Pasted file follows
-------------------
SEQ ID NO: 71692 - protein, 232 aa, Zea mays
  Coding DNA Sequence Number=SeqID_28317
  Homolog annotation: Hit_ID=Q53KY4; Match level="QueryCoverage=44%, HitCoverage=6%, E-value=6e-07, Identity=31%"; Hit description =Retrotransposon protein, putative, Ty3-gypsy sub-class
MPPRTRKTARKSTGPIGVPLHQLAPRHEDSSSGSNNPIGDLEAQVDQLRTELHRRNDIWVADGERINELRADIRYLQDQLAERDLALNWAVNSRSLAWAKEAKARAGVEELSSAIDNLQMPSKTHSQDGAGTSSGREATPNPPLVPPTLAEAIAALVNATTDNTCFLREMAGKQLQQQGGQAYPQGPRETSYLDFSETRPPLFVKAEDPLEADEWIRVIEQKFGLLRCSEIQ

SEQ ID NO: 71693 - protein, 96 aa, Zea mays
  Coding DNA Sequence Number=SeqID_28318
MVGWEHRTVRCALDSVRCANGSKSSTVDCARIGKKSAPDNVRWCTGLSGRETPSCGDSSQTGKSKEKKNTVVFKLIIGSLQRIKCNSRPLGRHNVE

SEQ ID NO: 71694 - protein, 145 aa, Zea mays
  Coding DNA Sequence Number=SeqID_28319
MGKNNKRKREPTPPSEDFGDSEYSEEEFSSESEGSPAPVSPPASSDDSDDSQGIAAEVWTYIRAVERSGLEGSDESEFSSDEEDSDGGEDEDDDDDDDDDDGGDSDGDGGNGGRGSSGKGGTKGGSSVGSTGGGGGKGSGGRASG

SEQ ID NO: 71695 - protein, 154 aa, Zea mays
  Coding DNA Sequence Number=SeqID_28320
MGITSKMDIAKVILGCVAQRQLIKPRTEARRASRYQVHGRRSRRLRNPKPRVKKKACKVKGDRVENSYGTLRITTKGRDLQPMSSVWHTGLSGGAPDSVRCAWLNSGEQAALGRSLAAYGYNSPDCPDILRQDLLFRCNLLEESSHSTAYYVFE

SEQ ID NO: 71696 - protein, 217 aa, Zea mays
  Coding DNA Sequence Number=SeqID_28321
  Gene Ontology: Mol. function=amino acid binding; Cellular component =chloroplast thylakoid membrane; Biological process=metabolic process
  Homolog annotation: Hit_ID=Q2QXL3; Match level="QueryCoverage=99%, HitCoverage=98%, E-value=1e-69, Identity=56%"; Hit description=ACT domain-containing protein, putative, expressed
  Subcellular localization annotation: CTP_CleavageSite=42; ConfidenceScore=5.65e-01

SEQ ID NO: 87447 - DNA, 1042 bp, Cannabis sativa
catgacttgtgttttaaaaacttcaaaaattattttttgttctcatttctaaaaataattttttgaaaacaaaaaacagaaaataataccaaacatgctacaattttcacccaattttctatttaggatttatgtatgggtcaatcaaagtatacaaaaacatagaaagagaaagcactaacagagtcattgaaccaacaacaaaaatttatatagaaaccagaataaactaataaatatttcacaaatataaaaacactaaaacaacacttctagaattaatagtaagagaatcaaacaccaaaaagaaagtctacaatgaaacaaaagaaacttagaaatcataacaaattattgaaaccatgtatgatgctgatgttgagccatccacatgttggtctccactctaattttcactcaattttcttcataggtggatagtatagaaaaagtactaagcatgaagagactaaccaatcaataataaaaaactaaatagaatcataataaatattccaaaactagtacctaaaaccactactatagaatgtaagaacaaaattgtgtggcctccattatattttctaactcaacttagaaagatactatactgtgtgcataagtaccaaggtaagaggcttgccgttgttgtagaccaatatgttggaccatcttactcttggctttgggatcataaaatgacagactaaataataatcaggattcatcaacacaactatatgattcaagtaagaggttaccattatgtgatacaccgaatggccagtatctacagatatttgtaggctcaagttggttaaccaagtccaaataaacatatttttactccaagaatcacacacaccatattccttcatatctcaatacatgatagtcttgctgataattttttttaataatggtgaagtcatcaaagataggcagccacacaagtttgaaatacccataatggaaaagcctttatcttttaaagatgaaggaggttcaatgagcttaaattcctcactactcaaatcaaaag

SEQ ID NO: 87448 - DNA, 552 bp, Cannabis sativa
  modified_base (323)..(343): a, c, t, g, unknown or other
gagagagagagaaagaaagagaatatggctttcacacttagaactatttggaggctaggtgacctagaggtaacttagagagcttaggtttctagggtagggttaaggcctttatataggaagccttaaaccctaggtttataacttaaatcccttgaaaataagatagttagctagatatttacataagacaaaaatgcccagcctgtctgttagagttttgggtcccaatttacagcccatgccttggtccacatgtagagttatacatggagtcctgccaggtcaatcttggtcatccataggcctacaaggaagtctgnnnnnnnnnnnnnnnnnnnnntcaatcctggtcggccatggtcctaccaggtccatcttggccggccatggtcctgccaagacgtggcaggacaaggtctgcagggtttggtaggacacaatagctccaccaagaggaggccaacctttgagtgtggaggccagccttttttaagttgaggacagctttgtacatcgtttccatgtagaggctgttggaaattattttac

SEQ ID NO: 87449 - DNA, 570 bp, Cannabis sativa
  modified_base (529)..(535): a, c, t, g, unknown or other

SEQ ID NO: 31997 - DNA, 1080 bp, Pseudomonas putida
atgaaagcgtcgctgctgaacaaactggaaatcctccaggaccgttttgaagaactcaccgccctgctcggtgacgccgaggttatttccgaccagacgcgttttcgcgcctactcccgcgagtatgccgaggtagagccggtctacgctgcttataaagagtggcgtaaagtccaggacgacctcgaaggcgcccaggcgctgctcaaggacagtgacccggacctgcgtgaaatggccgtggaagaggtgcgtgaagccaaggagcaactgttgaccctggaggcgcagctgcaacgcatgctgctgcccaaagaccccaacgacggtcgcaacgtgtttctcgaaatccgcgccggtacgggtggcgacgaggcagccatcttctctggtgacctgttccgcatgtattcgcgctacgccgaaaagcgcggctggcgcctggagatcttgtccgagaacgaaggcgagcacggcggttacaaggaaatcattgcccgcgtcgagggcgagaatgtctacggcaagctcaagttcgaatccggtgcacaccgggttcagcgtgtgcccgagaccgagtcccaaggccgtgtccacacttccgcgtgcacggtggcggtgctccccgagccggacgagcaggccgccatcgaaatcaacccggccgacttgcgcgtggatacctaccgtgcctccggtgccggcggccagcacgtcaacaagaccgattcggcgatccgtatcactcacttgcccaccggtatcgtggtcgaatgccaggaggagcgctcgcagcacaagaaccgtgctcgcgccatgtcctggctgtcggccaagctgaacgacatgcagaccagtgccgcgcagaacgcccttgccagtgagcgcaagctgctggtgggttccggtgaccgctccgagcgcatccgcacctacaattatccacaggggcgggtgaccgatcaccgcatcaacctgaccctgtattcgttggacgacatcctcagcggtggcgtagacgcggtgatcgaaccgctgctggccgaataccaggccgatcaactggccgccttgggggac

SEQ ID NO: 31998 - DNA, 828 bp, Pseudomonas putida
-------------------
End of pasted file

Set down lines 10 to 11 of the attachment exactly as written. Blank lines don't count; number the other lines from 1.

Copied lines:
MGKNNKRKREPTPPSEDFGDSEYSEEEFSSESEGSPAPVSPPASSDDSDDSQGIAAEVWTYIRAVERSGLEGSDESEFSSDEEDSDGGEDEDDDDDDDDDDGGDSDGDGGNGGRGSSGKGGTKGGSSVGSTGGGGGKGSGGRASG

SEQ ID NO: 71695 - protein, 154 aa, Zea mays